Book 1 in a new YA dystopian romance trilogy
The Selection (The Selection #1) by Kiera Cass
Reading Level: Young Adult
Release Date: April 24, 2012
Source: Amazon Vine
Reviewed By: Kate McMurry
This book has been pitched by the publisher as a cross between The Bachelor and The Hunger Games, and that certainly seems to be the case. Seventeen-year-old America Singer lives in a dystopian world with a caste system in which each level of society has a number from 1-8. America is Level 5, and the boy she is madly in love with, Aspen, is Level 6. Only the upper echelons are allowed to use any birth control other than abstinence, and this might be why sex before marriage is outlawed, though the reason for the law is not overtly explained in this book. The lower levels of the population are worked practically to death in servile, underpaid jobs, and they make so little money and have such large families (due to no birth control), that they don’t have enough to eat. As a result, they often die young from the combined effects of exhaustion and malnutrition.
As I read all this at the beginning of the book, I thought this book would be about the people revolting against their horribly oppressive government. However, rather than being picked to fight to the death in a gladiator-style realty show featuring preteens and teenagers as in Hunger Games, America is selected as one of 35 attractive, young women from all levels of society to participate in a Bachelor-style reality show in which they vie to become the bride of the country’s handsome, young Prince Maxon.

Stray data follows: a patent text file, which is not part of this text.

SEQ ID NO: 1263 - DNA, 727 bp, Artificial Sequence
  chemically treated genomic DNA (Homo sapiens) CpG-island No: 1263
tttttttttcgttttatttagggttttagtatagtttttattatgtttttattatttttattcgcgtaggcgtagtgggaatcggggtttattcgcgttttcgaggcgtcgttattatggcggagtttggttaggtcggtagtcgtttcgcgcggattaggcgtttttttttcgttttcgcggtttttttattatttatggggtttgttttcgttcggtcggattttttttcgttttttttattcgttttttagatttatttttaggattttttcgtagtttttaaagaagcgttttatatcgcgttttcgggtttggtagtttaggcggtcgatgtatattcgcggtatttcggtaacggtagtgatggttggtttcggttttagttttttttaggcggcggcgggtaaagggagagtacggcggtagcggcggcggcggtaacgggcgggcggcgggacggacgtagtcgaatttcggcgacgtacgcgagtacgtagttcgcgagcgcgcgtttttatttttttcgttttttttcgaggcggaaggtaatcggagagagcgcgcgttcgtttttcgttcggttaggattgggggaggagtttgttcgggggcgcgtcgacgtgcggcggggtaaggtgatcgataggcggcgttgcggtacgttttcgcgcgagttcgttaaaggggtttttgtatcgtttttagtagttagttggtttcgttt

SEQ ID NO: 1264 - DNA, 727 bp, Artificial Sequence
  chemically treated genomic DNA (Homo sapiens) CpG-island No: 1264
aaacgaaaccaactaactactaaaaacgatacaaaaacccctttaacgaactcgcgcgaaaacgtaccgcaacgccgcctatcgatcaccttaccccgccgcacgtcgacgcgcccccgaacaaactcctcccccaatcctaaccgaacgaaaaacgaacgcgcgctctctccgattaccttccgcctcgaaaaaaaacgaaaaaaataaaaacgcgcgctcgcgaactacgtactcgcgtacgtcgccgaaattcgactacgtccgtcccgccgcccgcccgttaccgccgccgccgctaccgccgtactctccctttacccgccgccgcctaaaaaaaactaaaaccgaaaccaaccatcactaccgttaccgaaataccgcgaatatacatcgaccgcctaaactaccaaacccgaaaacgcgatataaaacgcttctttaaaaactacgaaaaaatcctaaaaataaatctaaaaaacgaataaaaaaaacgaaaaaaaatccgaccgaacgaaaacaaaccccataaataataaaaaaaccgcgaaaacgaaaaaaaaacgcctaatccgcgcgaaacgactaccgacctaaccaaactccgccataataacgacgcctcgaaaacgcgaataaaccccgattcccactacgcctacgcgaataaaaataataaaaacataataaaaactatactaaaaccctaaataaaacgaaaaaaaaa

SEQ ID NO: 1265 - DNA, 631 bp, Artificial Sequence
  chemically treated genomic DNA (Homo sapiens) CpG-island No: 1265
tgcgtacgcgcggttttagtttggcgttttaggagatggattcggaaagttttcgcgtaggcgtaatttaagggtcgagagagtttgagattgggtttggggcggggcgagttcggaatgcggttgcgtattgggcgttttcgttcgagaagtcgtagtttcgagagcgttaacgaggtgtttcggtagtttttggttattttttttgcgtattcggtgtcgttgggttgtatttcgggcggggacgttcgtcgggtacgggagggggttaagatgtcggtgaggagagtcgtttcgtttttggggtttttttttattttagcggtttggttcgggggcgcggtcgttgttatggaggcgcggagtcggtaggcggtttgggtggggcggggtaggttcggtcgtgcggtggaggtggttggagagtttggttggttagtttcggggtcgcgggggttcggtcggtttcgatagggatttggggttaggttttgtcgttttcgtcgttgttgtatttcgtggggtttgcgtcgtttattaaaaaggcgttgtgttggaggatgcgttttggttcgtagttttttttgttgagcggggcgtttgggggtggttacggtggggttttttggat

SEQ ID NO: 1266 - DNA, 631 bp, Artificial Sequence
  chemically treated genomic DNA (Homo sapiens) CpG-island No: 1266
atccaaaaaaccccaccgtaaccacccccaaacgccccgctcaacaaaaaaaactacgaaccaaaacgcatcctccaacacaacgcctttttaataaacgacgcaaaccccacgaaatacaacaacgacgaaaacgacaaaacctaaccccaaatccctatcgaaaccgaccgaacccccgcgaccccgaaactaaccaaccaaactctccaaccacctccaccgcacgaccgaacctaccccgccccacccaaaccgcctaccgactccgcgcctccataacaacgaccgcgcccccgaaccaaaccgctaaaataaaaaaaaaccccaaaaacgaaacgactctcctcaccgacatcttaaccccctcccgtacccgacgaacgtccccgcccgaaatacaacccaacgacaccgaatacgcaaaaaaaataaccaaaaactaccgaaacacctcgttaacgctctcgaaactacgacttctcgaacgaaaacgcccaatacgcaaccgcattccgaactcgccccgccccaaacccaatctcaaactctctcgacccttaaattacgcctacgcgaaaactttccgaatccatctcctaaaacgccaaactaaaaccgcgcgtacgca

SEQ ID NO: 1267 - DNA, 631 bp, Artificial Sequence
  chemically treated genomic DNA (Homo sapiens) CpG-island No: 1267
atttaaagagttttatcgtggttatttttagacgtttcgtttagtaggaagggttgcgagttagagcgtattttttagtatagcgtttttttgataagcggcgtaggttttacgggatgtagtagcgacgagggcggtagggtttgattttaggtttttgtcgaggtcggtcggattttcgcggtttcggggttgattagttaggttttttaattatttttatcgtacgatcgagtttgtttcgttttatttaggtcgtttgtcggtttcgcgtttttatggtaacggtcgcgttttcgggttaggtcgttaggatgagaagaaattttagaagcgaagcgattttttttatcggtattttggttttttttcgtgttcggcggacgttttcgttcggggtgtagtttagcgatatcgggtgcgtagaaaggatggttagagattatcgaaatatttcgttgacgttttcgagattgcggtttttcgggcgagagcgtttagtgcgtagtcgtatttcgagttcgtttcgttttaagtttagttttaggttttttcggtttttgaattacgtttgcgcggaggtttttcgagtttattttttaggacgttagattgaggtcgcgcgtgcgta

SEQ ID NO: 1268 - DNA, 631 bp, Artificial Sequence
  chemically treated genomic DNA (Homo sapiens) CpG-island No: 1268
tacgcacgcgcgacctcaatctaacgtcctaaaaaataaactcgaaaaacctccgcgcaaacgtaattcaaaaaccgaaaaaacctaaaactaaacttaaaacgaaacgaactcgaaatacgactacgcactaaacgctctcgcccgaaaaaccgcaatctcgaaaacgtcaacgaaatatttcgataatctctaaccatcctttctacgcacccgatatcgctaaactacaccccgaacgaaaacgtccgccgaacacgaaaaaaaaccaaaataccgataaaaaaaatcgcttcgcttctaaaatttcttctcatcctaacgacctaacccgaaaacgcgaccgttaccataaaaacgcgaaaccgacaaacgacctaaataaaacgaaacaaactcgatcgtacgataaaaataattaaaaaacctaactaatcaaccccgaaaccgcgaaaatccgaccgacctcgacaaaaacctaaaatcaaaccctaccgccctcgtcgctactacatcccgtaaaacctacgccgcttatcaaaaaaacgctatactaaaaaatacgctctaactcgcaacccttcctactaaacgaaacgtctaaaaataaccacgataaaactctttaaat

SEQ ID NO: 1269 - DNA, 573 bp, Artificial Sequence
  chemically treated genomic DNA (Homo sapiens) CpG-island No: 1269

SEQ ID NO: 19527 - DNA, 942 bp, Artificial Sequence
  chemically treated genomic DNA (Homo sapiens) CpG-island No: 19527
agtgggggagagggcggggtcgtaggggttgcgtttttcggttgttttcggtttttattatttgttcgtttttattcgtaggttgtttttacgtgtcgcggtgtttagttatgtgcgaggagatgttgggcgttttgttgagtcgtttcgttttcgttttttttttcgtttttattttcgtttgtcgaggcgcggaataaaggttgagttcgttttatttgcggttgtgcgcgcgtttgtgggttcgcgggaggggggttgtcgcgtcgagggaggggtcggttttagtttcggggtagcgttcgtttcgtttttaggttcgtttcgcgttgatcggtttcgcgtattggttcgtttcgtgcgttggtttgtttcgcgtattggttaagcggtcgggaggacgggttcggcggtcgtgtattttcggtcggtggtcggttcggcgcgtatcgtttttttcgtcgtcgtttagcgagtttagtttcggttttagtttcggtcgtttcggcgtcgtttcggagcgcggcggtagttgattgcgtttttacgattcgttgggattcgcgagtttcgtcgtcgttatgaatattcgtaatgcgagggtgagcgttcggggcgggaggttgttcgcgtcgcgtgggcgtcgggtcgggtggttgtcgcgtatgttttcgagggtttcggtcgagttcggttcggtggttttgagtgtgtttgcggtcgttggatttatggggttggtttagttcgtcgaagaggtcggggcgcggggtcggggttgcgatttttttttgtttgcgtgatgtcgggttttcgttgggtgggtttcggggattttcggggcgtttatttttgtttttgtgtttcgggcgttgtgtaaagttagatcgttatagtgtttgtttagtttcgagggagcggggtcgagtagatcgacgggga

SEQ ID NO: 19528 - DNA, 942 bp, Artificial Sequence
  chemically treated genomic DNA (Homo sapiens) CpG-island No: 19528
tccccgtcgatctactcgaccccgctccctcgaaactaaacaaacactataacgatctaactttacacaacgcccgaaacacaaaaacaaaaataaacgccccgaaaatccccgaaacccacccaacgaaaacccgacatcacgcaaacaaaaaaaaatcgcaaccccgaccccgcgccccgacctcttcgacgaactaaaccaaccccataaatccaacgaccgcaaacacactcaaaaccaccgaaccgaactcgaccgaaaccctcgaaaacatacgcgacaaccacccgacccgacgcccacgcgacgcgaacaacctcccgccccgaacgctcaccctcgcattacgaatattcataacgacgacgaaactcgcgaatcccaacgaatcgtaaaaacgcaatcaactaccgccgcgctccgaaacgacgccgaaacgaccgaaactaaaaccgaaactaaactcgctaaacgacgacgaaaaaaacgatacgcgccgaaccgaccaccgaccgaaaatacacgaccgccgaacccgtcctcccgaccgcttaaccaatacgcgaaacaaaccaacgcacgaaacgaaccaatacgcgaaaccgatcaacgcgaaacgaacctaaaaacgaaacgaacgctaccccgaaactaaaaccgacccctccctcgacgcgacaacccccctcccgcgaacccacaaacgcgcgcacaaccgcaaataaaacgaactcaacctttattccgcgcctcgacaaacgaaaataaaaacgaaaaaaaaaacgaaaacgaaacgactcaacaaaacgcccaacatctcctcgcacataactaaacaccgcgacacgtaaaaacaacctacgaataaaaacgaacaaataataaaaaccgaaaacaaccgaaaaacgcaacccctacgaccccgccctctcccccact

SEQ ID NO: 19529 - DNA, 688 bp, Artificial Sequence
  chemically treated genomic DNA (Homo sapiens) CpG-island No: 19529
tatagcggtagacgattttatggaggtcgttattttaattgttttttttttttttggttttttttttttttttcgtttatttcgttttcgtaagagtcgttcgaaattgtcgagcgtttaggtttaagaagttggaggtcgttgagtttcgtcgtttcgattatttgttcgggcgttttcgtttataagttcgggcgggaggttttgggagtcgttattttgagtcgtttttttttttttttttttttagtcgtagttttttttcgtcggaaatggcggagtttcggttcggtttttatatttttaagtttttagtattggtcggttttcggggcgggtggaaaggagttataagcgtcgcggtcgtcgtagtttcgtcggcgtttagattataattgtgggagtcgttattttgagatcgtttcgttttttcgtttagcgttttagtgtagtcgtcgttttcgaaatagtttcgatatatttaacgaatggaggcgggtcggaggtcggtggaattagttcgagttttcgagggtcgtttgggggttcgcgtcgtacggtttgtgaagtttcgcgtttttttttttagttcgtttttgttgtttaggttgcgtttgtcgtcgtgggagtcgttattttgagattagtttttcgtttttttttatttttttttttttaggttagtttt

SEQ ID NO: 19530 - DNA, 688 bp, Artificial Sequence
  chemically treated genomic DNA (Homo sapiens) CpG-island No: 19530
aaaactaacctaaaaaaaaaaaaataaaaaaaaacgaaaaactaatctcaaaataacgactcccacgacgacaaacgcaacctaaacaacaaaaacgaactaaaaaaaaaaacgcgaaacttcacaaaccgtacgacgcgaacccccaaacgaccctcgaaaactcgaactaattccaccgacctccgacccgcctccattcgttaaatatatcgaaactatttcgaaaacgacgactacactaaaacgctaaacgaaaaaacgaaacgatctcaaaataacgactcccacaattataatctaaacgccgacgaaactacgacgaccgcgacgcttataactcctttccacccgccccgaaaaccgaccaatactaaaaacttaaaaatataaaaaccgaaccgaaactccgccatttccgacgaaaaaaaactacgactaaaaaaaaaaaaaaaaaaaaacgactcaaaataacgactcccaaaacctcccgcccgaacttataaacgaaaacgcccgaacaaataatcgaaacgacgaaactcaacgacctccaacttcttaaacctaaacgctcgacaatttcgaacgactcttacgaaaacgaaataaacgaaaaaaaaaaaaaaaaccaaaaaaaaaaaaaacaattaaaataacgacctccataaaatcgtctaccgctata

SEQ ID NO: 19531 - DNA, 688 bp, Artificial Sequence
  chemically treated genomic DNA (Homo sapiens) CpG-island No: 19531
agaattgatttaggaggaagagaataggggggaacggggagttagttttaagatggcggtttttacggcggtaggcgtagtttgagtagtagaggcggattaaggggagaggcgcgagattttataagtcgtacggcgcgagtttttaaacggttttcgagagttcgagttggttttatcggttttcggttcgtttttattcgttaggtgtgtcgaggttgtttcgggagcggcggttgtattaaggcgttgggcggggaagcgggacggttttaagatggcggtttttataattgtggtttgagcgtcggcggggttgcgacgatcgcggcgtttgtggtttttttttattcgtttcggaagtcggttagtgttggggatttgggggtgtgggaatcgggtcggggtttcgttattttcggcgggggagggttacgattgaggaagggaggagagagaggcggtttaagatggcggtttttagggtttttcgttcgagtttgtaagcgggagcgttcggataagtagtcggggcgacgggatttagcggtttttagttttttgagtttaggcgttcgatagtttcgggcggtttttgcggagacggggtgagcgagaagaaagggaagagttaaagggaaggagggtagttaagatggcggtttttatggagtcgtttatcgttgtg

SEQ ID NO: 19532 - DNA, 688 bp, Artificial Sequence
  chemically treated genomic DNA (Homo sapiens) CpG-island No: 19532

For readers who like romantic triangles in young adult (YA) fiction, this book definitely has one. In fact, the romantic triangle is at the core of the entire story.
For readers who are fans of reality shows like The Bachelor, this book’s premise will be quite enjoyable.
For readers who like lots of violent action in YA dystopians, as occurs in Hunger Games, this book is not what you are looking for. But those who enjoyed Matched by Ally Condie will very likely greatly appreciate this story.
The writing itself is smooth and the characters convincingly drawn. Both of the heroine’s romantic interests are attractive, sensitive and sexy, though neither is given a chance to be particularly heroic in the plot of this first book in the trilogy. However, the end of this book does create a setup for the next two books in the series that promises much more potential action and chances for the two male leads to shine. So there is great hope for fans of this series to have plenty of opportunities to root for either Team Aspen or Team Maxon, a pastime dear to the hearts of YA paranormal romance fans since The Twilight Saga entered the marketplace.
Fantasy World-Building: 3
Dystopian Plot: 3
Romance Plot: 4